There are places in the siddur where one feels that the actions and stage directions instructed once encoded greater drama than we can currently muster. An example is the climax of the Kabbalat Shabbat prayers on Friday evening when we sing the great liturgical poem Lecha Dodi by the 16th-century kabbalist, Rabbi Shlomo Alkabetz.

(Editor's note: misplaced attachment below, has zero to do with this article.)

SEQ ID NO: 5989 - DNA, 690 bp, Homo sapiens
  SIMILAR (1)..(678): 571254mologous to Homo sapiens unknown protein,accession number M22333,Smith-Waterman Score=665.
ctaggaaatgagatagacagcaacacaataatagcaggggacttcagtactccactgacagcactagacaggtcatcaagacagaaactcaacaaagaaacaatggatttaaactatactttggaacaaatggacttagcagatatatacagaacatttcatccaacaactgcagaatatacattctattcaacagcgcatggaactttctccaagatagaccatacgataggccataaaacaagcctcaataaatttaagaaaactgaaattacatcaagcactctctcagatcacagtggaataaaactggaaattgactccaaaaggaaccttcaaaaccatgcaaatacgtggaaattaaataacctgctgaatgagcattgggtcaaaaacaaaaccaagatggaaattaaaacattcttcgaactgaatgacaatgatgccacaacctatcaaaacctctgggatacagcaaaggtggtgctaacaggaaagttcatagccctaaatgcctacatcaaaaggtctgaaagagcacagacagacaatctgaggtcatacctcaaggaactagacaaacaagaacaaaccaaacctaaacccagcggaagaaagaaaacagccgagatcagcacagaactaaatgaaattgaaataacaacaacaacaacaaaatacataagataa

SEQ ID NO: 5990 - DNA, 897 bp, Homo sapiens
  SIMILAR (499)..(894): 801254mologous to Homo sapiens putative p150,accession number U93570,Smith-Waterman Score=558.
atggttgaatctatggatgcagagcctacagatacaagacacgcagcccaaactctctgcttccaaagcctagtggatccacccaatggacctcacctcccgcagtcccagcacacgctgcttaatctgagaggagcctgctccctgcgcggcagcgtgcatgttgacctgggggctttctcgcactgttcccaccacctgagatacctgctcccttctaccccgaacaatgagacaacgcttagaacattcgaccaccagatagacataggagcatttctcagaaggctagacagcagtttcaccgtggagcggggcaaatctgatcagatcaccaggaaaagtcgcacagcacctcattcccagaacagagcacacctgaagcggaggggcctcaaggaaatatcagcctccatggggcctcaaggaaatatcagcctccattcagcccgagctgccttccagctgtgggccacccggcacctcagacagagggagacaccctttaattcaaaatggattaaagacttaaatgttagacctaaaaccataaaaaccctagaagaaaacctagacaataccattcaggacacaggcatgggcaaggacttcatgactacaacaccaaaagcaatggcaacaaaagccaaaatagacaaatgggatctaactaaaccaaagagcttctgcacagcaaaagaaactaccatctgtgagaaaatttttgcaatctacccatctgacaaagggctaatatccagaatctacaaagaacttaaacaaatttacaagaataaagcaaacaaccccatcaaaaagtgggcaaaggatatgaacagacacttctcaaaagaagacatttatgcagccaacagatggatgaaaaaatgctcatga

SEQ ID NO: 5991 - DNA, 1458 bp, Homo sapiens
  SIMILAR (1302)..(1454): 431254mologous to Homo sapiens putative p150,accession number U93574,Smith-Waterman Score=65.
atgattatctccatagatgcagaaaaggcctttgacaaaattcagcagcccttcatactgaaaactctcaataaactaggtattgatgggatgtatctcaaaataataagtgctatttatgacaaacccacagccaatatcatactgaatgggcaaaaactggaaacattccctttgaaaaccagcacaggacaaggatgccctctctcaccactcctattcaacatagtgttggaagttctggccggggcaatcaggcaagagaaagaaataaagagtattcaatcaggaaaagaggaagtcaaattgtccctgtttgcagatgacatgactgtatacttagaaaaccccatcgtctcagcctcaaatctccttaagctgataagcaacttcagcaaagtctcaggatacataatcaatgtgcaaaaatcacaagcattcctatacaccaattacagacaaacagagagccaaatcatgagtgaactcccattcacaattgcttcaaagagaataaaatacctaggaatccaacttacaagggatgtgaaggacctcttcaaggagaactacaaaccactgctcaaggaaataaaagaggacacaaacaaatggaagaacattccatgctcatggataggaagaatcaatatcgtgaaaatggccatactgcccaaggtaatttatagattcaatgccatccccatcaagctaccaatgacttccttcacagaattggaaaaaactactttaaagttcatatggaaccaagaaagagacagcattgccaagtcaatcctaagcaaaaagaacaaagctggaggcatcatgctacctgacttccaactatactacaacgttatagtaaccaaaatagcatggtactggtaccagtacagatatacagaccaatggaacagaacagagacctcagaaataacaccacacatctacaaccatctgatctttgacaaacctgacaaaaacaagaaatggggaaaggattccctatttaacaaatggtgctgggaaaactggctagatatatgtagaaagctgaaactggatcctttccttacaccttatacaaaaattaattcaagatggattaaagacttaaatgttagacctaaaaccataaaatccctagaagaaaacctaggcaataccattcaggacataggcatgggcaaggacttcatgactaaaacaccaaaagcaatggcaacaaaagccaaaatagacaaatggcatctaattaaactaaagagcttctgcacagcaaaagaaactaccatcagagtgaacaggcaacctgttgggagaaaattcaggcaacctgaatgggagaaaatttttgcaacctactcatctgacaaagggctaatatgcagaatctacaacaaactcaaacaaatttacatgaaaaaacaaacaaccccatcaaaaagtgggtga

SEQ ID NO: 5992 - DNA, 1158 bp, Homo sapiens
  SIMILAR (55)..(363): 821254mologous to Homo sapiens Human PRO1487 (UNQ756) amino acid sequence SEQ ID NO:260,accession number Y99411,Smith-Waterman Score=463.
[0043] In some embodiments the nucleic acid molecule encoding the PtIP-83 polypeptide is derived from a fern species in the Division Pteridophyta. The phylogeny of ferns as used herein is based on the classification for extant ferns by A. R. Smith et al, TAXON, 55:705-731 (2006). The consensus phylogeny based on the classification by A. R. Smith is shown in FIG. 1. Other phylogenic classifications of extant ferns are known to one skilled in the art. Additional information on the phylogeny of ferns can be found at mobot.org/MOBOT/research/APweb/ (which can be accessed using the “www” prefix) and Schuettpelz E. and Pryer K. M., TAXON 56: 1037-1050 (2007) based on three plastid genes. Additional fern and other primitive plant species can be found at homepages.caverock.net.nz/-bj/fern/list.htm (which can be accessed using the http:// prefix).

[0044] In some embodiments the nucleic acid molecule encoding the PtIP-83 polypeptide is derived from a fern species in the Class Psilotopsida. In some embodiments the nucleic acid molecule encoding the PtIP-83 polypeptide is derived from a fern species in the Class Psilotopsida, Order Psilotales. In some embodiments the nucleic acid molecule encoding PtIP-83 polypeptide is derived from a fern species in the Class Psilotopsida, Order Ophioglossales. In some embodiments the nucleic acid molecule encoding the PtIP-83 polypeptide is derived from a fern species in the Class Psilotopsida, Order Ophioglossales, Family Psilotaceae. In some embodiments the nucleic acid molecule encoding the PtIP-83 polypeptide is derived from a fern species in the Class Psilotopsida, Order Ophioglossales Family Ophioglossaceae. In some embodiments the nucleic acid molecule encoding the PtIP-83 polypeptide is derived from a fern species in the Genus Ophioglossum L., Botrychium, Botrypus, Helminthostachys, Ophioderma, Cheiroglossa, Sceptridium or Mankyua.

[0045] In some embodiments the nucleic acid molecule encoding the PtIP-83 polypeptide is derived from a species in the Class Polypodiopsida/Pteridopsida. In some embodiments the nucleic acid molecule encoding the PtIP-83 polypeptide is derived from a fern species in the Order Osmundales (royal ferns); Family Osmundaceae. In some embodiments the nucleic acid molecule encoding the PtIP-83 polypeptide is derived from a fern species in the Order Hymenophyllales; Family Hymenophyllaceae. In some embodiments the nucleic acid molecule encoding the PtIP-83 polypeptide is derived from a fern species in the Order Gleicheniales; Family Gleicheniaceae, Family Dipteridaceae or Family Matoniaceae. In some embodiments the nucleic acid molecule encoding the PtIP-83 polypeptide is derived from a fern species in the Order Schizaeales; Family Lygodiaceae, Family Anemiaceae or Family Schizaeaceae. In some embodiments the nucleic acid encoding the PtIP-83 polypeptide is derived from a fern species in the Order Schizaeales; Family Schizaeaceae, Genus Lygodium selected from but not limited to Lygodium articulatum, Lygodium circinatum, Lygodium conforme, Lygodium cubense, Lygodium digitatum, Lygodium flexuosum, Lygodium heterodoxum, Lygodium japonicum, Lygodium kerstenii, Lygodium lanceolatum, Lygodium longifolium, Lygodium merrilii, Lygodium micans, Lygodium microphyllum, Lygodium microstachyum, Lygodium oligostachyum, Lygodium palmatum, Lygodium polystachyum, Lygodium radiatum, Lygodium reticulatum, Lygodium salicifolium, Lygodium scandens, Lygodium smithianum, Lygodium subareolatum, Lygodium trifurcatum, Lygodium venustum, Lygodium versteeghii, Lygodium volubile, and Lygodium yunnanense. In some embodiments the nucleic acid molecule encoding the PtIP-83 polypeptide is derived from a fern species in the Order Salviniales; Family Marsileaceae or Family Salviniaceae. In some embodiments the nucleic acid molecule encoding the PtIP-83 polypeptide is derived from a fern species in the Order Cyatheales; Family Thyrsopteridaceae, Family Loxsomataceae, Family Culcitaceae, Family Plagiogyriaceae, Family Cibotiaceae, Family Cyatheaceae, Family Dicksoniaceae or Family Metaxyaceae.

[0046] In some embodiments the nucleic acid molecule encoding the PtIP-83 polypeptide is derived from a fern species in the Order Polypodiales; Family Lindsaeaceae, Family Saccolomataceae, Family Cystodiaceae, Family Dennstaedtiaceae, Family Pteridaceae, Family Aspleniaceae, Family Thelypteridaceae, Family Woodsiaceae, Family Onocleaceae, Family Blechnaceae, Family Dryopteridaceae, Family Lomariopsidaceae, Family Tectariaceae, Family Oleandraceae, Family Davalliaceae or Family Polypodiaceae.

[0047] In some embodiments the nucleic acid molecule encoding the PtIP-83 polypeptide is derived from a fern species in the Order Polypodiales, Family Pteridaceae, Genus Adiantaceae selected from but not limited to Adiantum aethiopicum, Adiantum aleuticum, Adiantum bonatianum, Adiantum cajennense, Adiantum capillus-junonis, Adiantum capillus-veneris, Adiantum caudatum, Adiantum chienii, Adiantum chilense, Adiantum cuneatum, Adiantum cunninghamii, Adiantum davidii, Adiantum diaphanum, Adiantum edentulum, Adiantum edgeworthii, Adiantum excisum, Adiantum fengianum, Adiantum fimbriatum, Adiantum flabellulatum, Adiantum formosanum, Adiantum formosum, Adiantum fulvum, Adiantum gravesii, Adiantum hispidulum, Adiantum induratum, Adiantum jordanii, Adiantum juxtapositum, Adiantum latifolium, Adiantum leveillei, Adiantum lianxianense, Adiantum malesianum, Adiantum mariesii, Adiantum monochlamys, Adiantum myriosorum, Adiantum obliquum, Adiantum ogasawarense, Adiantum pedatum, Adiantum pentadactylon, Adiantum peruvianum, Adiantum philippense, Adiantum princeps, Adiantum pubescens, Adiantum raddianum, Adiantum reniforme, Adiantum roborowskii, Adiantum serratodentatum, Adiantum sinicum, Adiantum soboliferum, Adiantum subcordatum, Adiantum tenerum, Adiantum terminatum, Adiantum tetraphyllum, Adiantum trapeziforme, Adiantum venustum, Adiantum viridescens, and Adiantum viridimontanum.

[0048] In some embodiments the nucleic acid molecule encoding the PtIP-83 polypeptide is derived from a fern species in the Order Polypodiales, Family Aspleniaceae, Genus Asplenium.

The final stanza welcomes the Shabbat, which is compared to a bride: "Come forward in peace, crown of her husband." Singing this section, we stand up and turn to the west, the direction of the sunset, as though the bride had just swept into synagogue from there. At the closing words, we bow and greet the Shabbat Bride. Can we feel the thrill of excitement and anticipation at her arrival that those who instituted the custom apparently experienced?